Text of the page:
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Finances & Money

Quick Investing Tip: When to Invest

Over the last 2 weeks, I’ve resisted selling off my mutual funds and ETFs (I don’t hold individual stocks) after watching all the value gained in 2007 plummet and even go negative. Here’s one mantra that I’m constantly reinforcing into my head:

Buy Low, Sell High

One problem with us investors is that we get in a panic. We honestly won’t know how low prices will go or when they’ll start climbing again, but I want to remind you that in all likelihood, prices will go back up again. Of course major catastrophes could affect the number of months or years it would take to recoup your losses, but for me, I’m young (29) and can take the heat. I have no plans on pulling out our investments until we retire, so I’m only marginally worried about a total loss of my invested dollars.

That’s also why I only invest in funds, not individual stocks. There’s far less likelihood that an entire fund will go bankrupt unless the manager did some very naughty things (how often do funds go “out of business”? Help?) compared to a single stock.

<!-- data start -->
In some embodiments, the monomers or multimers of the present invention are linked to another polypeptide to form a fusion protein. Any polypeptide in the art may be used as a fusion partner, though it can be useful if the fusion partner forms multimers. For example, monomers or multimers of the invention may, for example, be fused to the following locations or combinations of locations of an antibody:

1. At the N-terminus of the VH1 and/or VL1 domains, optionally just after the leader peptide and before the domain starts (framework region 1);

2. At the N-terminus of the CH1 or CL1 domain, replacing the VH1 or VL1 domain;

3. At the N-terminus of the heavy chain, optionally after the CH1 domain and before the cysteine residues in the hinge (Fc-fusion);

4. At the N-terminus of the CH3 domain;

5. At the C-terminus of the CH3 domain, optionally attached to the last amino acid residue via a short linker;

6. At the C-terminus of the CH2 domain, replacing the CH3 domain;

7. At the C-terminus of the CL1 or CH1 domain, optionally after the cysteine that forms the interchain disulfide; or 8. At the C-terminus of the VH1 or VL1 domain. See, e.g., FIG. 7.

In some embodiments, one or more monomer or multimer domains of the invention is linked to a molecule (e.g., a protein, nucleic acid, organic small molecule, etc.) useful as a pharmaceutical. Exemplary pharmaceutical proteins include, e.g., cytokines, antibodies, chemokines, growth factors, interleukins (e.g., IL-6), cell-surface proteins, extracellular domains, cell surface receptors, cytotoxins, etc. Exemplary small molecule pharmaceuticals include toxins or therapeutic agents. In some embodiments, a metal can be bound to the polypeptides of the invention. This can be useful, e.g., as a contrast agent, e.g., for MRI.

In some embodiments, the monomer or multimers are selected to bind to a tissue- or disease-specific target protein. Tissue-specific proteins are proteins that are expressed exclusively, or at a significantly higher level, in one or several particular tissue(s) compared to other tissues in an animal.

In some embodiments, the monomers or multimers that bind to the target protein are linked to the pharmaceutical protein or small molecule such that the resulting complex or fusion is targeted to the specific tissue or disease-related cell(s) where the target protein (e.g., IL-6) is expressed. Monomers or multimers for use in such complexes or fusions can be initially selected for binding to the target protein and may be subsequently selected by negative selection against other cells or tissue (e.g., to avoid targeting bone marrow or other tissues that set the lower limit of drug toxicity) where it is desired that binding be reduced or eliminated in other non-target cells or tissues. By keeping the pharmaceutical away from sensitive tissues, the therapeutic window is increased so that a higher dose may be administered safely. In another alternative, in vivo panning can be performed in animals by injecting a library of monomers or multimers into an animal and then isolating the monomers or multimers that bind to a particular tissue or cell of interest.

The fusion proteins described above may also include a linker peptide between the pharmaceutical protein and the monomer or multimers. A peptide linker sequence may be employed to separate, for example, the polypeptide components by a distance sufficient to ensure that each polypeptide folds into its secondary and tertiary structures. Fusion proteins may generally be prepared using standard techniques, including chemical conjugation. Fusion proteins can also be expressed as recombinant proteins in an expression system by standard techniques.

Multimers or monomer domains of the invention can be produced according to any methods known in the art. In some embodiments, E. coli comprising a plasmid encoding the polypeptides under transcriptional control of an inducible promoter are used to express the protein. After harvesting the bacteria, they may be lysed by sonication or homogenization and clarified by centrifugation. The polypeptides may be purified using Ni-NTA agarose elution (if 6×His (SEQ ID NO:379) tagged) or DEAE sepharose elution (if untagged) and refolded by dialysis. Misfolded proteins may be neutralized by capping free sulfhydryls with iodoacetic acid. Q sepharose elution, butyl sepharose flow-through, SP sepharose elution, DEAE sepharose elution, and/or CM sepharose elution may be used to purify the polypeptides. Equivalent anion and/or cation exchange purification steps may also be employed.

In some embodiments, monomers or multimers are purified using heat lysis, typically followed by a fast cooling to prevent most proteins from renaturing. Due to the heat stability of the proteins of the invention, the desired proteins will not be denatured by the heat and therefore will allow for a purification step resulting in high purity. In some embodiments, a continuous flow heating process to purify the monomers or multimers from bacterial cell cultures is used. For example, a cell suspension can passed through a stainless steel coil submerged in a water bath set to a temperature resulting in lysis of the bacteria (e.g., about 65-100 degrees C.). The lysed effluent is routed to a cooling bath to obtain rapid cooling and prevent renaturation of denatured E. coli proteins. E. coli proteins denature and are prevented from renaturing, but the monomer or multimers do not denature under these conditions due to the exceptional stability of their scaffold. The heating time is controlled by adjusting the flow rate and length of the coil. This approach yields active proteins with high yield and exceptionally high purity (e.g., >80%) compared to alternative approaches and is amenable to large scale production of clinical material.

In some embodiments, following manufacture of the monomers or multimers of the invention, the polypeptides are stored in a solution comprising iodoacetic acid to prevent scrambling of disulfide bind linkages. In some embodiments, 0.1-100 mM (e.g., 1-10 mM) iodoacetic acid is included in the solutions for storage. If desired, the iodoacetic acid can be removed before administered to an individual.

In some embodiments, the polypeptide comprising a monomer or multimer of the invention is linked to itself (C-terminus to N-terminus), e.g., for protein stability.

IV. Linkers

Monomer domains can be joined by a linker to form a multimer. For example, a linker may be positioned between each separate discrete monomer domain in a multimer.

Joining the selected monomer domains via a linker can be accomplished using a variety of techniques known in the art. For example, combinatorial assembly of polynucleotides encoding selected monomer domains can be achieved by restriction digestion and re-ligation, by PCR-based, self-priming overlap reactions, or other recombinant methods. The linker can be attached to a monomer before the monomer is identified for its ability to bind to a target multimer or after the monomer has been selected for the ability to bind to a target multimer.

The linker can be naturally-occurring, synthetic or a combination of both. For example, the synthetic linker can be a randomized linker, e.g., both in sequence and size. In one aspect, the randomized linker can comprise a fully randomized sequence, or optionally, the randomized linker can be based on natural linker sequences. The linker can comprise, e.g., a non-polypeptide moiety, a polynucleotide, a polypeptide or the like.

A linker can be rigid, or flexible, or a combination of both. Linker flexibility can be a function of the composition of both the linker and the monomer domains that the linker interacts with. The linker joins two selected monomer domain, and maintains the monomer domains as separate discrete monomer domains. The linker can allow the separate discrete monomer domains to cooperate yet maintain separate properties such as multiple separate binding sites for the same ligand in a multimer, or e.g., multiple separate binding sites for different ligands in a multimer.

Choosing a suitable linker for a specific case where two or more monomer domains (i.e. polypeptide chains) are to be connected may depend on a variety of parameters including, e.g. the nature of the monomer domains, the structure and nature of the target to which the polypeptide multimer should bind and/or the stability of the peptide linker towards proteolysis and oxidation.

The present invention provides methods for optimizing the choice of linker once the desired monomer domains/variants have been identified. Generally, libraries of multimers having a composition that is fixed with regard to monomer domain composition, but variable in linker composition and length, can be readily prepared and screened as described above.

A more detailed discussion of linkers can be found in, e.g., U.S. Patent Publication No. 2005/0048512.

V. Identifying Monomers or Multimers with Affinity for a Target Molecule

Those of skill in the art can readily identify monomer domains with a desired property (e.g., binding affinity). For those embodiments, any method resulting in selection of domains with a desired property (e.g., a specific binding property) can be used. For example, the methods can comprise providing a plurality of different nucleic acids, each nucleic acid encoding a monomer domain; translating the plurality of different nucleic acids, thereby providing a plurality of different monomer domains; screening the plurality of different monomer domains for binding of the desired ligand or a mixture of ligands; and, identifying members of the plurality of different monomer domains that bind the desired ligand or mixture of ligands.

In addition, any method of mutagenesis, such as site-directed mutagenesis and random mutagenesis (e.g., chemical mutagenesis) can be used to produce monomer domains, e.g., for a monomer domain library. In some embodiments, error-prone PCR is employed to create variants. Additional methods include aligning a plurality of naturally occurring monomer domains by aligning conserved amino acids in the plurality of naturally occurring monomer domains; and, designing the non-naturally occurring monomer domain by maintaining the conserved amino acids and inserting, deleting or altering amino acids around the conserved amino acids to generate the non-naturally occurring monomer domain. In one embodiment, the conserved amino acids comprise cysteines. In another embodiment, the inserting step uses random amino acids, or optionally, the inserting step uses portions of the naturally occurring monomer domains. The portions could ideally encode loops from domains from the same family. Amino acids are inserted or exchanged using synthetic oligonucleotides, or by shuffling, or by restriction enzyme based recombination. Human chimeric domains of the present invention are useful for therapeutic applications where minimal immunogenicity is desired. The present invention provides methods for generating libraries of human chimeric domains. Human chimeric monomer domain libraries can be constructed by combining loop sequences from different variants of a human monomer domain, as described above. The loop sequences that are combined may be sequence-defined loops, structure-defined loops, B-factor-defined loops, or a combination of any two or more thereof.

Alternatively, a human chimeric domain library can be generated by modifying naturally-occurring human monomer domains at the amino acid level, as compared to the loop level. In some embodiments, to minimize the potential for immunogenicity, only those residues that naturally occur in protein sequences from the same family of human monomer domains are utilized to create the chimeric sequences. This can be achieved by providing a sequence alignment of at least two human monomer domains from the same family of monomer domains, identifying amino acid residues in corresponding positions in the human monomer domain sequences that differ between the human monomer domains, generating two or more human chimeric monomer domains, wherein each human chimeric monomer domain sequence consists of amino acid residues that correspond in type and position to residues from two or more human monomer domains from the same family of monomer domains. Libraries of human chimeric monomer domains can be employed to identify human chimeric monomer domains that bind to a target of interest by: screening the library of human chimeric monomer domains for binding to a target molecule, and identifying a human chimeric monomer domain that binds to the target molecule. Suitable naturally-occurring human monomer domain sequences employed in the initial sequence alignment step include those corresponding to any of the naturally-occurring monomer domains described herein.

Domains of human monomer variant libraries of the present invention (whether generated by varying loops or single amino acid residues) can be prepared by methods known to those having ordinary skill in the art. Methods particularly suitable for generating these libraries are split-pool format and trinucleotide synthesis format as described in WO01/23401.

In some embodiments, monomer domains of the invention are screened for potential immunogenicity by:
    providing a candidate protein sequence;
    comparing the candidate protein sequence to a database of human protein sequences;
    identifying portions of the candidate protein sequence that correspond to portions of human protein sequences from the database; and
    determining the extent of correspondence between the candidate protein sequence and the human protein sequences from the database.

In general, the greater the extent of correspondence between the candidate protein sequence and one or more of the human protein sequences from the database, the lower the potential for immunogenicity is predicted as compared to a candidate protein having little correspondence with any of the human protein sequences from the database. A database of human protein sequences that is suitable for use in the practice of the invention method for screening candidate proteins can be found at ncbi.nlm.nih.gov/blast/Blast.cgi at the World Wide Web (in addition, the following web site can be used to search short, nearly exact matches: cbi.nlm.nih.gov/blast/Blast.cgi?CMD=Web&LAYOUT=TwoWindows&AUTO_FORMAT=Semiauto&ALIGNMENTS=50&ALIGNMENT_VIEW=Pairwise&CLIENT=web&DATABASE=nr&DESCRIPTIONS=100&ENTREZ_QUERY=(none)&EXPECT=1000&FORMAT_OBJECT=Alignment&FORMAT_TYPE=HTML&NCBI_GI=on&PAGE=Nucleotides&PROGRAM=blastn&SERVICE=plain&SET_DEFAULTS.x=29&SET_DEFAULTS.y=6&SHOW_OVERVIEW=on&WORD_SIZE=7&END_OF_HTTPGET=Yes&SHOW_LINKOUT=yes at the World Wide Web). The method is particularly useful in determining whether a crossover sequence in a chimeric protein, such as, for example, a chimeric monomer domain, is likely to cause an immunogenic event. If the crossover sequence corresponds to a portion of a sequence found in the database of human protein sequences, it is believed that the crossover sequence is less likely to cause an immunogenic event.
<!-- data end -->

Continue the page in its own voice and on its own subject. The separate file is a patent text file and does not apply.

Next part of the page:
So when the market was taking a nosedive on Wednesday, I put in order for 75 shares of PBW. Unfortunately, it pulled back up before it hit my price point, so I didn’t get it for $19 per share. The order is good for 60 days, and it takes a lot of control to not bump up the offer price just to “buy it now”. I’m forcing myself to wait and see.

About the author

Clever Dude

8 Comments

  • I would advise against any sort of timing strategy to investing. Instead, I think the best way is to set up an automatic schedule that “forces” you to invest at regular intervals, no matter what the market is doing. It removes a lot of the stress and makes you impervious to the never-ending chatter of the market.

    However, I do think that in times like these, where stocks and funds have dropped so much, that investing more than usual is a good thing.

    Instead of buy low, sell high I say buy more low and never sell.

  • What do you think about the Monetta Young Investor fund as a core holding in saving for college. I also earn 5% per year of my account value in free college tuition credits that can be used at over 200 colleges nationwide.

  • Bob, unfortunately (or maybe fortunately), I don’t know much past the few funds I’ve invested in. And those were pretty much throwing a dart at the wall anyway. If it has decent history, matches your risk needs and is low cost (funds do cost money outside of your investment dollars), then it’s fair game. There’s obviously much more to it than that, but that’s about as far as I’ve gotten in my research of funds. 🙂

  • Sometimes it’s easier if you’re in for the long haul. I would go crazy watching that rollercoaster stock market if I was only doing short term investing!UGH!

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